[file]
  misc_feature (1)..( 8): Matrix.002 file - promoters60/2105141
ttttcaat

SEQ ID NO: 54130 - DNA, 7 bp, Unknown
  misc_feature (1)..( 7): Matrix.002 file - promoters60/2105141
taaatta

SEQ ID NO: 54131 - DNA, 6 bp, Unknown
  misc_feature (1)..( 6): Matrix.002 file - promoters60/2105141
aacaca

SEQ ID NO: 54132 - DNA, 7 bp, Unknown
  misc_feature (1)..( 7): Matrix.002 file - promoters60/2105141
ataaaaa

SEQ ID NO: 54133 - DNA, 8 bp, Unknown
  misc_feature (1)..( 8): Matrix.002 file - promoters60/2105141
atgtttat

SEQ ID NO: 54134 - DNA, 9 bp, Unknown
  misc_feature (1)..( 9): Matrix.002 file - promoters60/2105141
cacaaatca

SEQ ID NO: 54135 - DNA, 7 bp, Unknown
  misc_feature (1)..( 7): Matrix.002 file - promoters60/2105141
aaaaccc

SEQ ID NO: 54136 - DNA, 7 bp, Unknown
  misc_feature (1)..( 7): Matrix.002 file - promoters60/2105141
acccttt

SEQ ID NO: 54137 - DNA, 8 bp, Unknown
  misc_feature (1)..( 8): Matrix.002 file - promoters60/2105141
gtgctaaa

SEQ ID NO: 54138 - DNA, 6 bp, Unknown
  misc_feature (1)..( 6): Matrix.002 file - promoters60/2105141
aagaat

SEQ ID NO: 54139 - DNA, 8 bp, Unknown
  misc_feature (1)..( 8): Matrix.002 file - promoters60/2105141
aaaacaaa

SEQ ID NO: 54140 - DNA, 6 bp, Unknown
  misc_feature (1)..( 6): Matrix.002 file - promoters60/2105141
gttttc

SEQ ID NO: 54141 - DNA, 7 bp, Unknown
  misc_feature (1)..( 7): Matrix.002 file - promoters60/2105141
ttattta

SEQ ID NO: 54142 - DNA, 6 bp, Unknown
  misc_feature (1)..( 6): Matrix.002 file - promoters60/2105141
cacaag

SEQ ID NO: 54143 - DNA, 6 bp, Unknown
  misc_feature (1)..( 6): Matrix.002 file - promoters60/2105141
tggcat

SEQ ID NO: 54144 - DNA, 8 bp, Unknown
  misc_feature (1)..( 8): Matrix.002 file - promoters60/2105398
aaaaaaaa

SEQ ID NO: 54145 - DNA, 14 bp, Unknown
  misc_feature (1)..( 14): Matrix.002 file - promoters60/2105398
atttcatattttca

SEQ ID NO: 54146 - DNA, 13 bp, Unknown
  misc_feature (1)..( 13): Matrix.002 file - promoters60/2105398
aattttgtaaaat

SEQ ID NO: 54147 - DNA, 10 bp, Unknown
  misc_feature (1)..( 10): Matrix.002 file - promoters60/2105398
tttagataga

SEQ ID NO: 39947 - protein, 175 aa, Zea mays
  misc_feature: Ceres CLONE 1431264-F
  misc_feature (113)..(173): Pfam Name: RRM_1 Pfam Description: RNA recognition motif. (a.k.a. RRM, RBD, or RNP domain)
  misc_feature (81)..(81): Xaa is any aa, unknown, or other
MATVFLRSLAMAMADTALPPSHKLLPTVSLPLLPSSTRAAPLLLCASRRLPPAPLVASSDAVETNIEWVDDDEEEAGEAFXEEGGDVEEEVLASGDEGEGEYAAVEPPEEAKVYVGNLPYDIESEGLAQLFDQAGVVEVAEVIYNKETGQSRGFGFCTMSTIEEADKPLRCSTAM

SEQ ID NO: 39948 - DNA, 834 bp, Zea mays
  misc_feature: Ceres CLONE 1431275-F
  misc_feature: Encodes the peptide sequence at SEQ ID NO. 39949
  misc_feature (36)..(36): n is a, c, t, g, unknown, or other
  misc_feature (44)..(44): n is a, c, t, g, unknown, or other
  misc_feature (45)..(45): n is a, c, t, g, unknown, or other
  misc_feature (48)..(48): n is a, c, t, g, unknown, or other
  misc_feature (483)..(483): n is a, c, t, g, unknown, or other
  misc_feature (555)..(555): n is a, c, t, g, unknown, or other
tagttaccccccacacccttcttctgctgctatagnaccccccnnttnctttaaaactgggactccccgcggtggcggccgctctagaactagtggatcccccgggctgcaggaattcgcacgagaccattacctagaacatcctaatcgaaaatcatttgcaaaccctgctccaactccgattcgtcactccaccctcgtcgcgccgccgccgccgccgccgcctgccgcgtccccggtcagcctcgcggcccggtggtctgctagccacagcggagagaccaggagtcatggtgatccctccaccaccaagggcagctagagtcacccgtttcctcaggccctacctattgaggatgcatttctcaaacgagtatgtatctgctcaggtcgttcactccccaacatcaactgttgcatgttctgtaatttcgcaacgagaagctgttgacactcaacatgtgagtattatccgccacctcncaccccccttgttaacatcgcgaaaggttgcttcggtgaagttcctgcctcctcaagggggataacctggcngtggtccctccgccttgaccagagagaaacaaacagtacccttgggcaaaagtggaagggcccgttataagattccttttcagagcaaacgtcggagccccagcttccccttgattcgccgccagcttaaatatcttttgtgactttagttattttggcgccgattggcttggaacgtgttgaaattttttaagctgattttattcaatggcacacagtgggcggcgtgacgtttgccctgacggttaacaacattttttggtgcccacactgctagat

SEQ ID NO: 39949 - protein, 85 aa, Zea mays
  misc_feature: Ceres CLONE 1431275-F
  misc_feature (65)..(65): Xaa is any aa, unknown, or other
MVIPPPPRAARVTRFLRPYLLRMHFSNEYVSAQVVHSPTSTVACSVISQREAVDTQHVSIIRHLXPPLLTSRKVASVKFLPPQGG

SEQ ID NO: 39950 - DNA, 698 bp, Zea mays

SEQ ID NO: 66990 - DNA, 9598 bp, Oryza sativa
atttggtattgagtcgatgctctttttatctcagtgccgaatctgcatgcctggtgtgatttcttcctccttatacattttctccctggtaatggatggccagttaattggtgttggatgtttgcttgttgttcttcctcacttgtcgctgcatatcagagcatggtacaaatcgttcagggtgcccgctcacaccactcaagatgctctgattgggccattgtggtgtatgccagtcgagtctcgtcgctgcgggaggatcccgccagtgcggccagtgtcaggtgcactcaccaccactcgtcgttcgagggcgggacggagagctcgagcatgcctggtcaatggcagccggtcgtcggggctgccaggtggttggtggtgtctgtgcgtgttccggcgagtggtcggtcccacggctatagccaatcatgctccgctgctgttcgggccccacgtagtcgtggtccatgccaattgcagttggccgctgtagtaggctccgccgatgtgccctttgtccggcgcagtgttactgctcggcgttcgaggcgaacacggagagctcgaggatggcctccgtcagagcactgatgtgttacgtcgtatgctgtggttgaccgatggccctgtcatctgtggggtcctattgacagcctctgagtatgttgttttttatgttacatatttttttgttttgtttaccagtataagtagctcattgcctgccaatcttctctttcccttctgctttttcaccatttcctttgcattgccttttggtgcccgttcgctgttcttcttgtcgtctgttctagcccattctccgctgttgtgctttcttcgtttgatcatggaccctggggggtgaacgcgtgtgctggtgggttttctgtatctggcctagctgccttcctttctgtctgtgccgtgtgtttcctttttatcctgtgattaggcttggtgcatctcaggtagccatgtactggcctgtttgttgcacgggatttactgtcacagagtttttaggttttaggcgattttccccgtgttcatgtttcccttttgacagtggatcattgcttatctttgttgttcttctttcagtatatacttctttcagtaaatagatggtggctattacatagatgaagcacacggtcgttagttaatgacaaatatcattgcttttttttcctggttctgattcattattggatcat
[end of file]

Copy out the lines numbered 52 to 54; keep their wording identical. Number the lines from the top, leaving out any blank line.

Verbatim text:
  misc_feature (1)..( 13): Matrix.002 file - promoters60/2105398
aattttgtaaaat

SEQ ID NO: 54147 - DNA, 10 bp, Unknown